In 1845 Marianne’s brother Enoch married Elizabeth Lightfoot at St. Peter’s church in Stoke-on-Trent. They were either living in London, or staying there briefly when their first child, Sarah Maria, was baptised at Great Queen Street Chapel on 28th November 1847. They gave their address at the time as Wych Street (see illustration above), which connected Drury Lane to the Strand at St. Clement Danes. Certainly by the time of the 1851 they would be back in Staffordshire. Perhaps there were sentimental reasons for having their first daughter christened at Great Queen Street – Enoch’s parents’ church? And perhaps by 1848 Wych Street was the Palmer family’s address?
Marianne’s other brother Levi, who followed his father into the bookbinding trade, also moved between addresses in Staffordshire and London. In 1850 he married Elizabeth Finney in Longton, but at the time of the census a year later they were living at 48 St. Martin’s Lane, Westminster, with their daughter Sarah, born in Bloomsbury 4 months earlier, as well as Elizabeth’s stepmother Sarah Finney.
The same census finds Lydia Palmer visiting her son Enoch and his wife Elizabeth in High Street, Longton, where Enoch is now working as a grocery provisions dealer. They now have a second daughter, Lucy Jane, and can afford to employ a servant.
Meanwhile Enoch senior, now described as a bookbinder master, is living at 4 Duke Street, which ran parallel to Little Wild Street. With him are daughters Martha, 23 and Marianne 20, both of whom are working as book folders.
(Streets mentioned in this post can be seen at top right of the map: click on it to open in new window, then click again to zoom in)
Martha would be one of the witnesses at Marianne’s wedding to William Robb three years later. The other was Enoch, but it’s not clear if this was Marianne’s father or her brother. Marianne returned the favour (signing herself ‘Marianne M. Robb’) seven years later, in 1861, when Martha married painter James Millsom at the church of St. George the Martyr, Bloomsbury (the couple were living at 33 Little Russell Street). It appears that James had been sharing a house with Martha and her father Enoch, at 13 Theobalds Road, Bloomsbury, at the time of the census earlier that year.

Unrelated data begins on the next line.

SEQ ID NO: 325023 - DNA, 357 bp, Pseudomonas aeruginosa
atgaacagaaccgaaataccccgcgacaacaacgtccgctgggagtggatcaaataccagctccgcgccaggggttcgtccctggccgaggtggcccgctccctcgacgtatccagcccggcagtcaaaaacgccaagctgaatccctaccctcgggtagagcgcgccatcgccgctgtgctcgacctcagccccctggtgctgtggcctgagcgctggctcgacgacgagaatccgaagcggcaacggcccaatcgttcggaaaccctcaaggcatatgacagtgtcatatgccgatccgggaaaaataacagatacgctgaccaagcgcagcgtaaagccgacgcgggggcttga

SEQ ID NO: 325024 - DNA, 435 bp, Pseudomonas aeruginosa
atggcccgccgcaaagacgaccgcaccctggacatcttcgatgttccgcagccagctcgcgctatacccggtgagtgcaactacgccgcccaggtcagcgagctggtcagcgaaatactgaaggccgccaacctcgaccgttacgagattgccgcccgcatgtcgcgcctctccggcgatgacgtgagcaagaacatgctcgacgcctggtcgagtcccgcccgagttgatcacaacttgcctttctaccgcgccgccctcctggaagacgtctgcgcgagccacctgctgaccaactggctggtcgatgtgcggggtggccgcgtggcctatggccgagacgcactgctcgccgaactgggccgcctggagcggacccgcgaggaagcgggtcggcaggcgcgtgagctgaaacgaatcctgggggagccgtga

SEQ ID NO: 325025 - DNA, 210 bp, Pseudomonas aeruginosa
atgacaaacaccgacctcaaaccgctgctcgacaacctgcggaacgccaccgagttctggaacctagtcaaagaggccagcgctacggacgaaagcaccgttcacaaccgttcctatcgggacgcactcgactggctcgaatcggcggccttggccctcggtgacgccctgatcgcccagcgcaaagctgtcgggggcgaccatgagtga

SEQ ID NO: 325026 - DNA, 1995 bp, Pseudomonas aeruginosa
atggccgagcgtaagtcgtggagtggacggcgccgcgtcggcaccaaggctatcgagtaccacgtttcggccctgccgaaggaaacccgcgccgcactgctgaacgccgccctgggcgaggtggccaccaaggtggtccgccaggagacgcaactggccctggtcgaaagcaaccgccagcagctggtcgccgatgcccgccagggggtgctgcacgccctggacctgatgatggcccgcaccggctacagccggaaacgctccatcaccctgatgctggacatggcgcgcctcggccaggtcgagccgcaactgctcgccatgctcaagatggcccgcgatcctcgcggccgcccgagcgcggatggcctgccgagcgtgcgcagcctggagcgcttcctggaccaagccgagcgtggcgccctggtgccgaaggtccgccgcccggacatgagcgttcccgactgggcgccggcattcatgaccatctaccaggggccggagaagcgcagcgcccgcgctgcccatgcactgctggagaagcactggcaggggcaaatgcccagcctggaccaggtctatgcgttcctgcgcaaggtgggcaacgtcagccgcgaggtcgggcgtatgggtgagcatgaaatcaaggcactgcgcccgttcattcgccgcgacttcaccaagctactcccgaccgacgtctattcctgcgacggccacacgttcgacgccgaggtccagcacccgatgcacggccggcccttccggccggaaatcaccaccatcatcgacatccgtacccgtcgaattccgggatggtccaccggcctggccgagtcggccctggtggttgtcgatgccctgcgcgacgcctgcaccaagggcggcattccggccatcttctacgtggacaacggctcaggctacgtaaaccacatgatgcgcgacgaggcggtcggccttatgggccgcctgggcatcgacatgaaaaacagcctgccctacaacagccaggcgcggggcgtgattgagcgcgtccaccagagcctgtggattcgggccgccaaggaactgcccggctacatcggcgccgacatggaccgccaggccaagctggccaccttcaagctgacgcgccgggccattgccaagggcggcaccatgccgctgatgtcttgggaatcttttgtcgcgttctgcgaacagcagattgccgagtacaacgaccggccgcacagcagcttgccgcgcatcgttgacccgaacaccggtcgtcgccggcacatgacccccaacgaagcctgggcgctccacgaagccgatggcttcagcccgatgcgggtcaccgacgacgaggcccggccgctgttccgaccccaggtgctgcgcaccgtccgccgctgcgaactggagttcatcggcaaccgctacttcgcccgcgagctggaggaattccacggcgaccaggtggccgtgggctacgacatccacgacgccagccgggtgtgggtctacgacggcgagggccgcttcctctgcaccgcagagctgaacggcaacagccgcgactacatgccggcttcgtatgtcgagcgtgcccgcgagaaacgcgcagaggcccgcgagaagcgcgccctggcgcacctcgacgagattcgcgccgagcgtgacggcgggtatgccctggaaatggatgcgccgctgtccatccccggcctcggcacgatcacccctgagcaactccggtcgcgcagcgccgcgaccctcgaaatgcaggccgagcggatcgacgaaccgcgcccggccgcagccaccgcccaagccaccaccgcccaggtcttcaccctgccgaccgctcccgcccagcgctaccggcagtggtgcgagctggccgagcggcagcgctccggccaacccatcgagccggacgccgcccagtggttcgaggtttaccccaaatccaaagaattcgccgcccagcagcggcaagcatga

I believe that Lydia Palmer had died by 1861. Certainly there’s no trace of her in the census records for her son Enoch, who was now living in Trentham, Staffordshire with his expanding family, and working as an accountant, or in those for Levi, who was still in Longton and now described as a ‘grocer bookbinder etc’.
By this date Marianne was living with her new husband William, her stepchildren Matilda Fanny and Charles Edward, and her own children Lydia, Alice, Marion and Rose (4 children in 4 years!) at 15 St. Ann’s Road, Mile End Old Town. Lodging with them is one Edward Palmer, 27, a widower born in Limehouse whose occupation is illegible, but might be something to do with the docks. Is the surname a coincidence, or is this a relative of Marianne’s that we don’t know about?
It appears that Marianne’s sister Martha died in 1863, at the age of only 35, in Kingston, Surrey. Their father Enoch died in 1867 in Mile End Old Town. I don’t have a copy of his death certificate, but I’d hazard a guess he was staying with Marianne at the time. I can’t find any records for Levi Palmer junior after 1861. In 1871 Enoch junior was still in Trentham, where he’s added ‘estate agent’ to ‘accountant’ in the description of his occupation. Ten years later, the census finds him, with his wife Elizabeth and daughter Constance, visiting Stoke-born china dealer Geoffrey Robinson at his home in Ryde, Isle of Wight. It’s possible that Enoch died two years after this, in 1883 – the same year as his sister Marianne, who breathed her last in July at the age of 52, having given her husband William Robb a total of ten children.